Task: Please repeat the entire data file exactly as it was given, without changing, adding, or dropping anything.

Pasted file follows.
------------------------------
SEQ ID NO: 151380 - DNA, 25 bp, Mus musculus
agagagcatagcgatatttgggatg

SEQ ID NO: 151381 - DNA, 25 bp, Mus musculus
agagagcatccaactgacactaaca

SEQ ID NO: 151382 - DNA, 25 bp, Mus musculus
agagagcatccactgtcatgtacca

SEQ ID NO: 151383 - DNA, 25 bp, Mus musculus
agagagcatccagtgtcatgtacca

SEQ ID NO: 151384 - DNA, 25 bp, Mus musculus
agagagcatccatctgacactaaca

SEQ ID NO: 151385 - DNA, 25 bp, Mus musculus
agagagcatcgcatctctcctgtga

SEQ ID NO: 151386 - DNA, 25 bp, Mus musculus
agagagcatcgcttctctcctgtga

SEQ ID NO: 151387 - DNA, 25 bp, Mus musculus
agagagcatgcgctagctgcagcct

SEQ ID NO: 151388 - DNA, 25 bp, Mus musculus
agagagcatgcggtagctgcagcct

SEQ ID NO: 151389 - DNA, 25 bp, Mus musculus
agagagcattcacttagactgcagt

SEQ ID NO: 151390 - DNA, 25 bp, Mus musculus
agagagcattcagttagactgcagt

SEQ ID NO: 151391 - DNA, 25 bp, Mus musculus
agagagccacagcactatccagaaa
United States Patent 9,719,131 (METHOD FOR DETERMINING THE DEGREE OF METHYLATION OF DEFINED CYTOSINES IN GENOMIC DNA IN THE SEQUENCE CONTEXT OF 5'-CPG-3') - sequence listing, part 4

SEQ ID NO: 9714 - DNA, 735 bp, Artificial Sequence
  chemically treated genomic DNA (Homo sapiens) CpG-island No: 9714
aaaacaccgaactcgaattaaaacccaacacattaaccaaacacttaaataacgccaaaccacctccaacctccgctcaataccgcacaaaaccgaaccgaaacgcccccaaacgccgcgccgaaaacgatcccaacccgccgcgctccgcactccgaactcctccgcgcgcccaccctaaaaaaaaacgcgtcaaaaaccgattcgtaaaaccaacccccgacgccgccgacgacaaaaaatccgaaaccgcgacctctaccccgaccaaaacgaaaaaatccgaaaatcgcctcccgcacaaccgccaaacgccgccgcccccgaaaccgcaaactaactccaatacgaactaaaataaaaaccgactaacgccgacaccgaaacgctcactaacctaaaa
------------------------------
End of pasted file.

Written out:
SEQ ID NO: 151380 - DNA, 25 bp, Mus musculus
agagagcatagcgatatttgggatg

SEQ ID NO: 151381 - DNA, 25 bp, Mus musculus
agagagcatccaactgacactaaca

SEQ ID NO: 151382 - DNA, 25 bp, Mus musculus
agagagcatccactgtcatgtacca

SEQ ID NO: 151383 - DNA, 25 bp, Mus musculus
agagagcatccagtgtcatgtacca

SEQ ID NO: 151384 - DNA, 25 bp, Mus musculus
agagagcatccatctgacactaaca

SEQ ID NO: 151385 - DNA, 25 bp, Mus musculus
agagagcatcgcatctctcctgtga

SEQ ID NO: 151386 - DNA, 25 bp, Mus musculus
agagagcatcgcttctctcctgtga

SEQ ID NO: 151387 - DNA, 25 bp, Mus musculus
agagagcatgcgctagctgcagcct

SEQ ID NO: 151388 - DNA, 25 bp, Mus musculus
agagagcatgcggtagctgcagcct

SEQ ID NO: 151389 - DNA, 25 bp, Mus musculus
agagagcattcacttagactgcagt

SEQ ID NO: 151390 - DNA, 25 bp, Mus musculus
agagagcattcagttagactgcagt

SEQ ID NO: 151391 - DNA, 25 bp, Mus musculus
agagagccacagcactatccagaaa
United States Patent 9,719,131 (METHOD FOR DETERMINING THE DEGREE OF METHYLATION OF DEFINED CYTOSINES IN GENOMIC DNA IN THE SEQUENCE CONTEXT OF 5'-CPG-3') - sequence listing, part 4

SEQ ID NO: 9714 - DNA, 735 bp, Artificial Sequence
  chemically treated genomic DNA (Homo sapiens) CpG-island No: 9714
aaaacaccgaactcgaattaaaacccaacacattaaccaaacacttaaataacgccaaaccacctccaacctccgctcaataccgcacaaaaccgaaccgaaacgcccccaaacgccgcgccgaaaacgatcccaacccgccgcgctccgcactccgaactcctccgcgcgcccaccctaaaaaaaaacgcgtcaaaaaccgattcgtaaaaccaacccccgacgccgccgacgacaaaaaatccgaaaccgcgacctctaccccgaccaaaacgaaaaaatccgaaaatcgcctcccgcacaaccgccaaacgccgccgcccccgaaaccgcaaactaactccaatacgaactaaaataaaaaccgactaacgccgacaccgaaacgctcactaacctaaaa